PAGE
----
Always Get Better

Archive for the ‘Ubuntu’ Category

Setting up WordPress with nginx and FastCGI

Monday, January 30th, 2012

All web site owners should feel a burning need to speed. Studies have shown that viewers waiting more than 2 or 3 seconds for content to load online are likely to leave without allowing the page to fully load. This is particularly bad if you’re trying to run a web site that relies on visitors to generate some kind of income – content is king but speed keeps the king’s coffers flowing.

If your website isn’t the fastest it can be, you can take some comfort in the fact that the majority of the “top” web sites also suffer from page load times pushing up into the 10 second range (have you BEEN to Amazon lately?). But do take the time to download YSlow today and use its suggestions to start making radical improvements.

I’ve been very interested in web server performance because it is the first leg of the web page’s journey to the end user. The speed of execution at the server level is capable of making or breaking the user’s experience by controlling the amount of ‘lag time’ between the web page request and visible activity in the web browser. We want our server to send page data as immediately as possible so the browser can begin rendering it and downloading supporting files.

Not long ago, I described my web stack and explained why I moved away from the “safe” Apache server solution in favour of nginx. Since nginx doesn’t have a PHP module I had to use PHP’s FastCGI (PHP FPM) server with nginx as a reverse proxy. Additionally, I used memcached to store sessions rather than writing to disk.

Here are the configuration steps I took to realize this stack:

1. Memcached Sessions
Using memcached for sessions gives me slightly better performance on my Rackspace VM because in-memory reading&writing is hugely faster than reading&writing to a virtualized disk. I went into a lot more detail about this last April when I wrote about how to use memcached as a session handler in PHP.

The newest Ubuntu distributions have a package php5-fpm that installs PHP5 FastCGI and an init.d script for it. Once installed, you can tweak your php.ini settings to suit, depending on your system’s configuration. (Maybe we can get into this another time.)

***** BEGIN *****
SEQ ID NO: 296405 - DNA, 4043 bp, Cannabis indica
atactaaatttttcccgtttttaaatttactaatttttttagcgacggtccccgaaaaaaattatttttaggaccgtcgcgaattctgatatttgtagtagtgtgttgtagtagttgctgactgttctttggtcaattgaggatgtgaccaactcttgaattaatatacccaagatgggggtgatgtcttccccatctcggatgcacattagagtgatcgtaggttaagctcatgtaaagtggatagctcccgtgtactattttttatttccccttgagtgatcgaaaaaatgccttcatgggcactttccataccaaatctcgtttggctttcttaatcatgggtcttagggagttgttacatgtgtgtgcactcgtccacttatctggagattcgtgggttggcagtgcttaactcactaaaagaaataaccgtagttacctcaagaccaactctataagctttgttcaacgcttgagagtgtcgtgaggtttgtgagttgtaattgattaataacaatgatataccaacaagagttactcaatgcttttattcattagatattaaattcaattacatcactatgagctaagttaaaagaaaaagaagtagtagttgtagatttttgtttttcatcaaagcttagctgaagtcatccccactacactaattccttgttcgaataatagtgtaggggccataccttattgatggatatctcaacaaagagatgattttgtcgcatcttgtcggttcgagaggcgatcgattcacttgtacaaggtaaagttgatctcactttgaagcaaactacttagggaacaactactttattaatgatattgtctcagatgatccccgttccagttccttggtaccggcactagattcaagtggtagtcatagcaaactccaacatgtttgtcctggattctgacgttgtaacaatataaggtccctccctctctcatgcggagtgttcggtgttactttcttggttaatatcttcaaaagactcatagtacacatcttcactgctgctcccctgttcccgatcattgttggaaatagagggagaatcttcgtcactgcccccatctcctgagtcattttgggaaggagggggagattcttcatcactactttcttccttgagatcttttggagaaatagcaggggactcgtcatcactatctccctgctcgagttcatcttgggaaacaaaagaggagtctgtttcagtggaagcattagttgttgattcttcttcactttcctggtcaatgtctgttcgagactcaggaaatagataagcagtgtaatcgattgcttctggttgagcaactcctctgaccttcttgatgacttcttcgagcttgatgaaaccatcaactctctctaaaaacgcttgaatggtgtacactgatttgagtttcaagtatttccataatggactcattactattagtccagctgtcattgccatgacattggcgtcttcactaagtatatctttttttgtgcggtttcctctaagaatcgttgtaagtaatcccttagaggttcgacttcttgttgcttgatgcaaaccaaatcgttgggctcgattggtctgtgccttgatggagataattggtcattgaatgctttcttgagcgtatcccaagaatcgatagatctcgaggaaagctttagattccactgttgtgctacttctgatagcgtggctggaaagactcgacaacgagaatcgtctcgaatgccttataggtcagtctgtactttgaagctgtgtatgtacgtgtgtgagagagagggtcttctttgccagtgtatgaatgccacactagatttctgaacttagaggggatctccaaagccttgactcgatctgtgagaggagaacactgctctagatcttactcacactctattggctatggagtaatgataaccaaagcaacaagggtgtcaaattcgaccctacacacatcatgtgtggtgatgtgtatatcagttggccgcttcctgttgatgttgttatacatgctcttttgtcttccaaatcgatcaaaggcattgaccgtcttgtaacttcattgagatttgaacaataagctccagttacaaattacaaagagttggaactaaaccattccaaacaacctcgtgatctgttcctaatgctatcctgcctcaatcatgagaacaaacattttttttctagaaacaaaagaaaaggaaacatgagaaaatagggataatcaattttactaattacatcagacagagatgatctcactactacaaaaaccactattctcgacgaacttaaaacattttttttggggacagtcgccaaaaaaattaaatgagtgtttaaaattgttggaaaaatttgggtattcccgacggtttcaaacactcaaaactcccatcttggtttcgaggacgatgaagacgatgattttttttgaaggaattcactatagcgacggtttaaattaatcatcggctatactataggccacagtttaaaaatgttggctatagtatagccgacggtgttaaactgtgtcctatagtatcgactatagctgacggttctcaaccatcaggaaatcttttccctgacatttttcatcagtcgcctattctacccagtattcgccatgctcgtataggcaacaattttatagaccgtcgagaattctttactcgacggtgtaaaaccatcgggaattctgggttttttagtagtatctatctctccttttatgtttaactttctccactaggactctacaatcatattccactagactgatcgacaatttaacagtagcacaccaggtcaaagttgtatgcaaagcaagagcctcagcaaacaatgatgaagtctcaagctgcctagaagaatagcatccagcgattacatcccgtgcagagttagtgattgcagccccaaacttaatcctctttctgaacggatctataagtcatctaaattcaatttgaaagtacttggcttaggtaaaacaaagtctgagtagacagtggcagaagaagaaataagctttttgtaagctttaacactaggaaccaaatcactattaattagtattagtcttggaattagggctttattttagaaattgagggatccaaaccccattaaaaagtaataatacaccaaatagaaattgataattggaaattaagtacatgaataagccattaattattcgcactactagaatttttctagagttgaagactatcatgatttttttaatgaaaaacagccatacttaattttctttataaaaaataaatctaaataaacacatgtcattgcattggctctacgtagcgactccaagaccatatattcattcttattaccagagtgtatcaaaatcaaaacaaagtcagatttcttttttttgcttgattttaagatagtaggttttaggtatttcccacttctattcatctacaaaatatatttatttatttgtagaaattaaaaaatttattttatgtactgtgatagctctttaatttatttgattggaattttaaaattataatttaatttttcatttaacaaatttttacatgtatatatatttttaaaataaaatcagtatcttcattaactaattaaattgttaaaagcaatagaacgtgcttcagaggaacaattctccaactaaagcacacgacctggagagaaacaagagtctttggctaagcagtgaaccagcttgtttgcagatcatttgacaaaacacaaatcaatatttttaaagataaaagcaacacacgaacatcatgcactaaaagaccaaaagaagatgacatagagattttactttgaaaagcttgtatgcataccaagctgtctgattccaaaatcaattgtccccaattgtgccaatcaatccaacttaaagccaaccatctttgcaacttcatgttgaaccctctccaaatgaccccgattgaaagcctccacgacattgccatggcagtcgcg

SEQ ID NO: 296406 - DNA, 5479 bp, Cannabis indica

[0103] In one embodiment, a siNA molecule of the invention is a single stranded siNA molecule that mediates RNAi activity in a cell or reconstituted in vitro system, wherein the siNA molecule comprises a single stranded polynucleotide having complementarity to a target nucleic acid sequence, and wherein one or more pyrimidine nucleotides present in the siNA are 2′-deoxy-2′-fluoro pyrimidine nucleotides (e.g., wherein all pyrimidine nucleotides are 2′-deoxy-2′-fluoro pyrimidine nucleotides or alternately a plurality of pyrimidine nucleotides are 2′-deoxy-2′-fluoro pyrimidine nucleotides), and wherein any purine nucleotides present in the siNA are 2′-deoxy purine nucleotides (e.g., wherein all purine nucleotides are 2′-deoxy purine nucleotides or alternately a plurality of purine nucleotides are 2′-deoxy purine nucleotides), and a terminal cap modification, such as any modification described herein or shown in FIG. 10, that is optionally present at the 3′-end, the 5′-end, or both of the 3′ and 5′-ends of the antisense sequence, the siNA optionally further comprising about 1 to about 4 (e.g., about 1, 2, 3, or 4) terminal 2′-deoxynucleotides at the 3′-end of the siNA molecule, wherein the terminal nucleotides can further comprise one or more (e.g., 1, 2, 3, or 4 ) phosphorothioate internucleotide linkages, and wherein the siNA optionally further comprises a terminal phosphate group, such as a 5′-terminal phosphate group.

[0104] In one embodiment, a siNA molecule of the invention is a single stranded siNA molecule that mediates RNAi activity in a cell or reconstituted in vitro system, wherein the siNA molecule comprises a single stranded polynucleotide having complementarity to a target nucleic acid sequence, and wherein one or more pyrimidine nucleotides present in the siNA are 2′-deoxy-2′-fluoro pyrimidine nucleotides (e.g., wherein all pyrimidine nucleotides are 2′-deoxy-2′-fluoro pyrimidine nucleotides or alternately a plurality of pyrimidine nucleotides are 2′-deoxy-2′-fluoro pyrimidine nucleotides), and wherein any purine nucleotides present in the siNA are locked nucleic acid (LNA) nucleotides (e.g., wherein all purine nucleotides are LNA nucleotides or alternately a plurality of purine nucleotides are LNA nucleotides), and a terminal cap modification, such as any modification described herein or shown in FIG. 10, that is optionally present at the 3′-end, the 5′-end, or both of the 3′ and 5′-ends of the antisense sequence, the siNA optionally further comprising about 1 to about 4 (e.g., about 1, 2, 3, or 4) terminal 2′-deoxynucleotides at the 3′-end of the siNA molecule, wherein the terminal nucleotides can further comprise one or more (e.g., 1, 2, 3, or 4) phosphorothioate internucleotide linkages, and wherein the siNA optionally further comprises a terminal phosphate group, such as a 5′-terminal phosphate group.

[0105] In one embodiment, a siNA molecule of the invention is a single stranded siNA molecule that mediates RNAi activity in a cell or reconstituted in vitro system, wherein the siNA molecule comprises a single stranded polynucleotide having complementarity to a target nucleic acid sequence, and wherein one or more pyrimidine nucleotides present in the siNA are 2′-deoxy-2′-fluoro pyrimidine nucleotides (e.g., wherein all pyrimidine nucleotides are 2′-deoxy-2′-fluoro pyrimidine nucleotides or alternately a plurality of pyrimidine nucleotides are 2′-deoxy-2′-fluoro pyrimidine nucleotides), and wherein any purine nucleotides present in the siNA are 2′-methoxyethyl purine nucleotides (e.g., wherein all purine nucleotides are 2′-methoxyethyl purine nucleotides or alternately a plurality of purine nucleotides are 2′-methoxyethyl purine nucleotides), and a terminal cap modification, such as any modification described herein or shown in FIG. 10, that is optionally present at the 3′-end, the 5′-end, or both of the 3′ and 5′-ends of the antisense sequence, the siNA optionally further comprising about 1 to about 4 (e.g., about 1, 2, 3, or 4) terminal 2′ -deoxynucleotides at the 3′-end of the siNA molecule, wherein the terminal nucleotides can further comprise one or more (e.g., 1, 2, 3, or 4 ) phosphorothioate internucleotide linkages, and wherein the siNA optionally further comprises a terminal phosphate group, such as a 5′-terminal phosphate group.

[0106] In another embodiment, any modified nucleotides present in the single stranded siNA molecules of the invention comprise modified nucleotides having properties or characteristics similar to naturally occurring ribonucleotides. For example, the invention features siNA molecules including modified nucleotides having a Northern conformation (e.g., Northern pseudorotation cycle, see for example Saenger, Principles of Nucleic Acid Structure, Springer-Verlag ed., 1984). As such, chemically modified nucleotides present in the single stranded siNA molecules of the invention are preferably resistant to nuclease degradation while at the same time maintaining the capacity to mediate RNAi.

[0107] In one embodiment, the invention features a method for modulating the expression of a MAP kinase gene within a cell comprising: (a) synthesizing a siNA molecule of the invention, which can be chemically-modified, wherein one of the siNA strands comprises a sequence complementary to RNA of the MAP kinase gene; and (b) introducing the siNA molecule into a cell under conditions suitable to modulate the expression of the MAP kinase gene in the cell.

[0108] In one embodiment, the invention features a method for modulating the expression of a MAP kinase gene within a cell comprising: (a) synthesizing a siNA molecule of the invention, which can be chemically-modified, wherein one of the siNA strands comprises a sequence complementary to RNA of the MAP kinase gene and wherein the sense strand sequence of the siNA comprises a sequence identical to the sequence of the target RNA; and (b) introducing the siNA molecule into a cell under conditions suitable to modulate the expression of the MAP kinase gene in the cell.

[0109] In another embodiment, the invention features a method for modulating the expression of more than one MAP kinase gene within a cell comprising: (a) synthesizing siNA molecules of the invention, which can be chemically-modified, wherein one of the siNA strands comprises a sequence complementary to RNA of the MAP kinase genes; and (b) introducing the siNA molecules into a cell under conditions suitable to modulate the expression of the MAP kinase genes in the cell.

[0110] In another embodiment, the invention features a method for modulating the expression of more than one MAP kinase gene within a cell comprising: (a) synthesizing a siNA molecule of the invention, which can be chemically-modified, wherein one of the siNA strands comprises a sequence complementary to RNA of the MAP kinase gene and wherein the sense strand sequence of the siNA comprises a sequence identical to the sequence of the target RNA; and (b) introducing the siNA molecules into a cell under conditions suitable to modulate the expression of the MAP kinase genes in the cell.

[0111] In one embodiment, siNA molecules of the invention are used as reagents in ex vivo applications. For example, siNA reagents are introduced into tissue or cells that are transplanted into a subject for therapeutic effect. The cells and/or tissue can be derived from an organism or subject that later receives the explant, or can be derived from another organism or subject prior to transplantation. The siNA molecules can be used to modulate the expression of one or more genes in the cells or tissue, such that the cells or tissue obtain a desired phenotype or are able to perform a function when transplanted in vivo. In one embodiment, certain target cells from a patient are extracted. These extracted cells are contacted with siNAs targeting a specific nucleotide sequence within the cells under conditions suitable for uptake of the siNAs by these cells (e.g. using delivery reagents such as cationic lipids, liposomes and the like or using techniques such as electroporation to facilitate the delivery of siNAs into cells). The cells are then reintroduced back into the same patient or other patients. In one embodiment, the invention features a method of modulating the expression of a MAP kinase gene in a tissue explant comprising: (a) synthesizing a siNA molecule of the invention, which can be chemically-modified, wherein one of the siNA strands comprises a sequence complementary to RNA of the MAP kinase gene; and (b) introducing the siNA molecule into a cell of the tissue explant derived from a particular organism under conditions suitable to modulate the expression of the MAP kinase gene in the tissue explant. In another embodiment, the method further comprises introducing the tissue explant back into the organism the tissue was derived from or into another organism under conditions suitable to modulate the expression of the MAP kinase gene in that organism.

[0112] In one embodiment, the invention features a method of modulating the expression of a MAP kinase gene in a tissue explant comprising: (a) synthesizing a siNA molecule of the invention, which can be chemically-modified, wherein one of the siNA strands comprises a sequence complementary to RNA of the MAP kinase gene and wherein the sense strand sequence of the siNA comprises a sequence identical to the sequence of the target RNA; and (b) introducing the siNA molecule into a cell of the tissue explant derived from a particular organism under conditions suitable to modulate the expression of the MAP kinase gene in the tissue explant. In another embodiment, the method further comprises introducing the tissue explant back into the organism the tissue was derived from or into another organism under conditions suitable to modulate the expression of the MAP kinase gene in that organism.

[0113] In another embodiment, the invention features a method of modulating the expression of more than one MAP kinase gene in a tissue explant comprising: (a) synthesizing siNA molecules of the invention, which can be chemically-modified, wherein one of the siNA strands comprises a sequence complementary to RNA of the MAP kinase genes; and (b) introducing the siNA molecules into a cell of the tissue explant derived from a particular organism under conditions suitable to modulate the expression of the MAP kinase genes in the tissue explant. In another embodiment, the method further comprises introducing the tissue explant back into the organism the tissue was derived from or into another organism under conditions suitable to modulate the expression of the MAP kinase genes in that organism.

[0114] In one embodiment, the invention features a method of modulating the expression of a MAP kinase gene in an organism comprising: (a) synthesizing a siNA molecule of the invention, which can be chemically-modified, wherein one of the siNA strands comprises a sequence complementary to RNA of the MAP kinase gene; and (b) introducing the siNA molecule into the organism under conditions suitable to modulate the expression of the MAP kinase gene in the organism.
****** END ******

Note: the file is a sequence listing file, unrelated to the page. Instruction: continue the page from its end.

3. Nginx
Once PHP FPM was installed, I created a site entry that would pass PHP requests forward to the FastCGI server, while serving other files directly. Since the majority of my static content (css, javascript, images) have already been moved to a content delivery network, nginx has very little actual work to do.

server {
listen 80;
access_log /var/log/nginx/sitename-access.log;
error_log /var/log/nginx/sitename-error.log;
# serve static files
location / {
root /www/;
index index.php index.html index.htm;

# this serves static files that exists without
# running other rewrite tests
if (-f $request_filename) {
expires 30d;

# this sends all-non-existing file or directory requests to index.php
if (!-e $request_filename) {
rewrite ^(.+)$ /index.php?q=$1 last;

location ~ \.php$ {
fastcgi_index index.php;
fastcgi_param SCRIPT_FILENAME /www/$fastcgi_script_name;
include fastcgi_params;

The fastcgi_param setting controls which script is executed, based upon the root path of the site being accessed. All of the requests parameters are passed through to PHP, and once the configuration is started up I didn’t miss Apache one little bit.

My next step will be to put a varnish server in front of nginx. Since the majority of my site traffic comes from search engine results where a user has not yet been registered to the site or needs refreshed content, Varnish can step in and serve a fully cached version of my pages from memory far faster than FastCGI can render the WordPress code. I’ll experiment with this setup in the coming months and post my results.

How to Upgrade Firefox using Ubuntu

Saturday, August 6th, 2011
Mochila Firefox
Creative Commons License photo credit: jmerelo

So I got tired of using Firefox 3.6 in my Ubuntu machine and decided to upgrade to the newest version (5.0). It’s understandable that the package maintainers responsible for Ubuntu don’t put bleeding-edge cutting-edge releases in the distribution due to the possibility of introducing unstable elements into the user experience. But Firefox 4 has been out for over a year, and the migration to 5 is well underway.

Fortunately, it couldn’t be much easier to get the newest official release using our good friend aptitude.